When people are under stress, they sometimes say things to let off steam.
Such a remark then reveals anger, frustration or maybe just calculated provocation:
“I've been wondering what the special place in hell looks like, for those who promoted Brexit, without even a sketch of a plan how to carry it out safely.”
That was of course EU Council President Donald Tusk, speaking to reporters after his meeting with the Irish Prime Minister.
Tusk's blunt language revealed the hostility London may face if it fails to find a compromise with European neighbors whom it will be counting on to maintain good relations in the future.
Reactions in Britain and in the EU were what you would expect from two sides digging deeper and deeper into the trenches.
While Theresa May's spokesman a diplomatically suggested Tusk's remarks were “not helpful”, others took off the gloves.
The hard-line Brexiteer Nigel Farage, for instance, never shy to land a catchy punch if nothing else works, called Tusk an “unelected, arrogant bully”.
Not to be outdone, Guy Verhofstadt, the Brexit coordinator of the European Parliament and long-time Farage nemesis, had this to say about Brexiteers:
“After what they did to Britain, they would even manage to divide hell”.
Well, with friends and allies like these, who needs enemies?
Which brings us to Russia, actually its predecessor, the Soviet Union.
32 years ago, that country and the United States signed the Intermediate-range Nuclear Forces Treaty, which banned both nations from stationing short- and intermediate-range missiles in Europe.
It was a historic arms control pact that helped end the Cold War and paved the way for more than three decades of peace. Until now.
Over the past week, the successors of Ronald Reagan and Michail Gorbatchev accused each other of violating the treaty and pursuing an aggressive military agenda.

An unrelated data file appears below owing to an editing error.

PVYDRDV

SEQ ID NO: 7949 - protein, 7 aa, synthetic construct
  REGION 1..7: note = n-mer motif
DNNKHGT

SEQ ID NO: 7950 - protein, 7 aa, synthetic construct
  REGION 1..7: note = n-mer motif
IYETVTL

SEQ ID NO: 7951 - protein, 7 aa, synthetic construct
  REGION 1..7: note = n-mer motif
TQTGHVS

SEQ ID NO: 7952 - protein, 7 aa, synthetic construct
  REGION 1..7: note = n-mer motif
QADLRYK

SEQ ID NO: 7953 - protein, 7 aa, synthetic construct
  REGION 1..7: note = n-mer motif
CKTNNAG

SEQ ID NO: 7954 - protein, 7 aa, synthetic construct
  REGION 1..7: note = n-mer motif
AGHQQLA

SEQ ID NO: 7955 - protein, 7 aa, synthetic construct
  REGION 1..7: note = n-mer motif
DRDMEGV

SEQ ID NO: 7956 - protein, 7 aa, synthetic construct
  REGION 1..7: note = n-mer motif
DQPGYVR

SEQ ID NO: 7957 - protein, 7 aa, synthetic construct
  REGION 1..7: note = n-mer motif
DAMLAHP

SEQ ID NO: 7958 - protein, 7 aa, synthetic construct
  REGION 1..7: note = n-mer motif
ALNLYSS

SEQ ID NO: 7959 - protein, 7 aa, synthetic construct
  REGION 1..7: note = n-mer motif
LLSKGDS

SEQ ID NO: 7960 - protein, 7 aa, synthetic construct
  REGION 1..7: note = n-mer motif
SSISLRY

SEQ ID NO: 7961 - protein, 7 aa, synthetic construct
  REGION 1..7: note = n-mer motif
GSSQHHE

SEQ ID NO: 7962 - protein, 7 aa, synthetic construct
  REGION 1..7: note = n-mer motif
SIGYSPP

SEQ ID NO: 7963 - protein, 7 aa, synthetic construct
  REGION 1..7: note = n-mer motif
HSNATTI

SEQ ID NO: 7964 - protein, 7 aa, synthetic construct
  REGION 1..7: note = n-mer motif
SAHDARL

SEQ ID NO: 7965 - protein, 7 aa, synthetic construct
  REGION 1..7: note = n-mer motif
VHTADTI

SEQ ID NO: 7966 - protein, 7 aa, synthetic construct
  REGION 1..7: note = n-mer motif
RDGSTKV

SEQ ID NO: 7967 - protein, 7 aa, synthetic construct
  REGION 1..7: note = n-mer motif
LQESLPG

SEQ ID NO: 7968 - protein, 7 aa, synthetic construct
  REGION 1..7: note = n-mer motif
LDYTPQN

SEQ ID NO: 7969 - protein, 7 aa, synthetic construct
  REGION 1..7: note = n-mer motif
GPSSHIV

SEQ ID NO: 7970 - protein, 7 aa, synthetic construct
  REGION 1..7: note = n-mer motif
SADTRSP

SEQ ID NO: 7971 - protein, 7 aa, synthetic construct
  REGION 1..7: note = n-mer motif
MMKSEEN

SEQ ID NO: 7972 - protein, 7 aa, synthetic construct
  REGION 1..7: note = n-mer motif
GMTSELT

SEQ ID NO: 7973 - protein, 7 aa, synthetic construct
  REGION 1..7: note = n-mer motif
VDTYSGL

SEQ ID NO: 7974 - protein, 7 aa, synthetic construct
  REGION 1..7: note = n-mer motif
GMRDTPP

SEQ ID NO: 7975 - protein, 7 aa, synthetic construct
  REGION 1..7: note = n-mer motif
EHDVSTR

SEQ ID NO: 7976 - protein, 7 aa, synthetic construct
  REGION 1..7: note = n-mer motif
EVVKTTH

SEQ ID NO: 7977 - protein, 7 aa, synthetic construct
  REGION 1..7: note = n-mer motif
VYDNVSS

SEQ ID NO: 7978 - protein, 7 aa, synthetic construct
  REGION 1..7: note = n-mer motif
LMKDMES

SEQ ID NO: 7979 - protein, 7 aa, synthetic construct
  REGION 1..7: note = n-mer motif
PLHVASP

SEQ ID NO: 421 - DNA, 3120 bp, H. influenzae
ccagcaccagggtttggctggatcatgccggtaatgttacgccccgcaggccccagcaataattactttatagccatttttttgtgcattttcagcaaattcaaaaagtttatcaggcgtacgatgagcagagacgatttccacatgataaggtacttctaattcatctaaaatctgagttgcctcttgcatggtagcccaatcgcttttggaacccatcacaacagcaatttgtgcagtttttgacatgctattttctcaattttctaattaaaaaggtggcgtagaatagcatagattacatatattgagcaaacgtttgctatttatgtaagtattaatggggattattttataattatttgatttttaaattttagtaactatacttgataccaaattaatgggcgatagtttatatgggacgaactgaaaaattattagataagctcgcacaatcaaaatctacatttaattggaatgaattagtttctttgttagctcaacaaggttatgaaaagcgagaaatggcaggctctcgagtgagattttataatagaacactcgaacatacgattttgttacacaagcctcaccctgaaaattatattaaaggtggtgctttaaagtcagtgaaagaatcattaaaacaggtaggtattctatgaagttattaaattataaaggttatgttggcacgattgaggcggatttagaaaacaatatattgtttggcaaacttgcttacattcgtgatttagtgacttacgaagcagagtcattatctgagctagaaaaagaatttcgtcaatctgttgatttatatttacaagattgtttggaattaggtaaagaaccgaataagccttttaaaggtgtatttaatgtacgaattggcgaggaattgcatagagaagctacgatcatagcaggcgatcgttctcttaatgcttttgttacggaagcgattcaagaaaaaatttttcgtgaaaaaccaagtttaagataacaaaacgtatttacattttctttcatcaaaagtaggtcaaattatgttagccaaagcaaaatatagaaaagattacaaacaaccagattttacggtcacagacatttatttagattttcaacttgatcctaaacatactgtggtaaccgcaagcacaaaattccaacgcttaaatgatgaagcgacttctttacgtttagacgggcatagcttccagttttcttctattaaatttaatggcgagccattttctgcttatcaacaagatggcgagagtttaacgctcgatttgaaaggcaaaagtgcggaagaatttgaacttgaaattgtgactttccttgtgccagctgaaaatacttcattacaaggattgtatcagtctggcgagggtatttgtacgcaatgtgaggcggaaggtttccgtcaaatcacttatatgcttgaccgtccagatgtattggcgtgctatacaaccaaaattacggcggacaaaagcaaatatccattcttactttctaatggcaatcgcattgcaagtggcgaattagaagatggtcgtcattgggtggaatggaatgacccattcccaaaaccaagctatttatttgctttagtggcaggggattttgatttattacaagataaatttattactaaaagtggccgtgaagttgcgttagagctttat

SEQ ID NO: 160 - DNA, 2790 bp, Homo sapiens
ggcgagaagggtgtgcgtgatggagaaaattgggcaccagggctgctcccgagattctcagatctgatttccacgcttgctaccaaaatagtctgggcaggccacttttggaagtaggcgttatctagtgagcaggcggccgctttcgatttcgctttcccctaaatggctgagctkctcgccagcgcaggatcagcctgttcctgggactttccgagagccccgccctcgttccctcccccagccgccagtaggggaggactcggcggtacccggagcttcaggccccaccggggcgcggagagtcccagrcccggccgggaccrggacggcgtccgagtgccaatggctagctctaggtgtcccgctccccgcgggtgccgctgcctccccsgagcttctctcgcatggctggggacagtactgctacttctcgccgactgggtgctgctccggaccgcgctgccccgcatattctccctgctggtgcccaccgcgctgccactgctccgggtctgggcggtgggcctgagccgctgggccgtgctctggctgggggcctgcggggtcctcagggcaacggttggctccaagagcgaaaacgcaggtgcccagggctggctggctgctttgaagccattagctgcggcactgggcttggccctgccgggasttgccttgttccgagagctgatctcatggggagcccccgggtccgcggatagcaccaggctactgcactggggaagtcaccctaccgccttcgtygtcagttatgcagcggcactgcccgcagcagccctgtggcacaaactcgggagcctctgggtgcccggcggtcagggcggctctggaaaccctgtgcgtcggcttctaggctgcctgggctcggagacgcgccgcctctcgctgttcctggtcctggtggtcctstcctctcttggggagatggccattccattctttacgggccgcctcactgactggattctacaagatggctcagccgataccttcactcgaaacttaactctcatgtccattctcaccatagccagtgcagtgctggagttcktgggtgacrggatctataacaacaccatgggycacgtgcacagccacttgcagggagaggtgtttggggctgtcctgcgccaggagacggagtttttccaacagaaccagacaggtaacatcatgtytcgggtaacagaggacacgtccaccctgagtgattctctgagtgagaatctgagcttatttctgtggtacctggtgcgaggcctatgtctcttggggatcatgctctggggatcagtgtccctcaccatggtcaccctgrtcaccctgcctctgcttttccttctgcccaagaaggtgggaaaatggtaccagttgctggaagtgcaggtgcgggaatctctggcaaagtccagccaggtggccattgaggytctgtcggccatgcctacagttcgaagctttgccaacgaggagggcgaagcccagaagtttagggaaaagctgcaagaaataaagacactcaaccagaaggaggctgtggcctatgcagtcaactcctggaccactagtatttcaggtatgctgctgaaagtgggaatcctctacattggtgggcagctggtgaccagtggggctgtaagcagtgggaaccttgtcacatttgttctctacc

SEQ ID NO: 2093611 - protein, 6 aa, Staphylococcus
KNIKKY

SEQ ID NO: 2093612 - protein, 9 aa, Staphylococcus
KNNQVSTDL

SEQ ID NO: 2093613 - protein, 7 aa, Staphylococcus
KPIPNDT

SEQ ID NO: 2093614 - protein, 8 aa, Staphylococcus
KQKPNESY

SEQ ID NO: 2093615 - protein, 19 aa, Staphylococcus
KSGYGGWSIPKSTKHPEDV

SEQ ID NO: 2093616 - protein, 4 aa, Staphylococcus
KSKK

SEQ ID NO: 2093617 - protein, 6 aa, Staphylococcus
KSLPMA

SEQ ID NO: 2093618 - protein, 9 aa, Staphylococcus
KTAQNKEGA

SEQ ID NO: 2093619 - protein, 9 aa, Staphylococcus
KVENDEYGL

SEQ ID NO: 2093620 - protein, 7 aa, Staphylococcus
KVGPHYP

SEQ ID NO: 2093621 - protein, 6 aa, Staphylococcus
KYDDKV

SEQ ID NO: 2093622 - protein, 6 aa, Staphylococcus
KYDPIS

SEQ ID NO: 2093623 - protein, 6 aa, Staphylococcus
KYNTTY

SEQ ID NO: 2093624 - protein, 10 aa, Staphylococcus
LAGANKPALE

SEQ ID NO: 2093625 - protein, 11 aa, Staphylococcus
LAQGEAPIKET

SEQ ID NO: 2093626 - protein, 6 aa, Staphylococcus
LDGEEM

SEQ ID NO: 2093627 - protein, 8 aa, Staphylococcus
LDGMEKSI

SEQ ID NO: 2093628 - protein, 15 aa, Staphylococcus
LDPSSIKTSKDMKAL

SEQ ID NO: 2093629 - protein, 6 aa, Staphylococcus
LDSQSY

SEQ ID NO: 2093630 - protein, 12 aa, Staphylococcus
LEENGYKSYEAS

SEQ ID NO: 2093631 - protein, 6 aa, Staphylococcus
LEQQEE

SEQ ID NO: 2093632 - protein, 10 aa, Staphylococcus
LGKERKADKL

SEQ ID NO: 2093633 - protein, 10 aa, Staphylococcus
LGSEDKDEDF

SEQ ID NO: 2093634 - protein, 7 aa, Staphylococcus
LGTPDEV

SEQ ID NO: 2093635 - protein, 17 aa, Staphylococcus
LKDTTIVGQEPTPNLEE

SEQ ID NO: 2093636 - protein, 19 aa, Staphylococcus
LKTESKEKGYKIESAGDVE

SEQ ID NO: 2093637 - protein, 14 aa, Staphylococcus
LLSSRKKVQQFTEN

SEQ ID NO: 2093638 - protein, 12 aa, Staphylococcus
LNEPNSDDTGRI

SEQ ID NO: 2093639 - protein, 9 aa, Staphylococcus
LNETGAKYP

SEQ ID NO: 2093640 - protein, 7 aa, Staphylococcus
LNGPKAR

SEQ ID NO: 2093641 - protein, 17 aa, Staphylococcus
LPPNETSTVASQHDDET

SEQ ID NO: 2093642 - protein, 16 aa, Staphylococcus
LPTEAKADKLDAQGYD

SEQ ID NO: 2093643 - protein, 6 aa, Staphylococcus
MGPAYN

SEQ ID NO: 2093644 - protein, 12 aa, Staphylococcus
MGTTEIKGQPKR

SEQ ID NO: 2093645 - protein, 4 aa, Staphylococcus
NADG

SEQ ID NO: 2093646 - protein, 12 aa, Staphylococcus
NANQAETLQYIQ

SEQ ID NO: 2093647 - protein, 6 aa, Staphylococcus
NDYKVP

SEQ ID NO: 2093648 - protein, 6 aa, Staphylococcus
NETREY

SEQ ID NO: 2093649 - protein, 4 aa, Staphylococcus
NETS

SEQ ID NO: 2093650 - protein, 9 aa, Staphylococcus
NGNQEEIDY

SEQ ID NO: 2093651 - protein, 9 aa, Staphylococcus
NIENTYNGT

China urged both countries to resolve its differences through dialogue.
And Europe? Do we need to get ready for a new arms race?
We spoke with the Secretary General of NATO.
The Pope, for instance, made a historic trip to the Arabian peninsula, trying to dispel the notion of an inevitable clash between Christianity and Islam.
In Abu Dhabi he presided over the largest mass ever celebrated in that part of the world.
Then, Alexis Tsipras was the first serving Greek Prime Minister to visit the closed Orthodox Christian Seminary of Halki in Turkey, located on an island south of Istanbul, and a source of contention between both countries.
The seminary was closed by the Turkish state almost 50 years ago, and Tsipras voiced hope that it would be re-opened one day to improve bilateral ties.
And finally, Theresa May visited Brussels – not an unusual encounter yet, but if body language is any guide, a pretty awkward one.
She came to try to convince the EU leadership that not all is lost on the Brexit deal.
There you have it: reconciliation, hope and determination – every young person should find inspiration in these powerful values.
In Belgium students seem to have understood.
They want to be involved, engaged and ultimately persuasive.
Their issue: a better climate protection for a better future.
For weeks and weeks now they take to the streets to remind politicians that they are a force to be reckoned with.
On Monday, the plenary session of the European Parliament kicks off in Strasbourg, roughly 100 days before the European elections.
And Euronews starts its election coverage next week – the motto is “your voice, your choice”.
On Thursday, the British Parliament votes once again on Theresa May's latest Brexit plans.
And on Friday, the Munich Security Conference starts its discussions, the world's largest gathering of its kind, bringing together hundreds of most senior figures from more than 70 countries.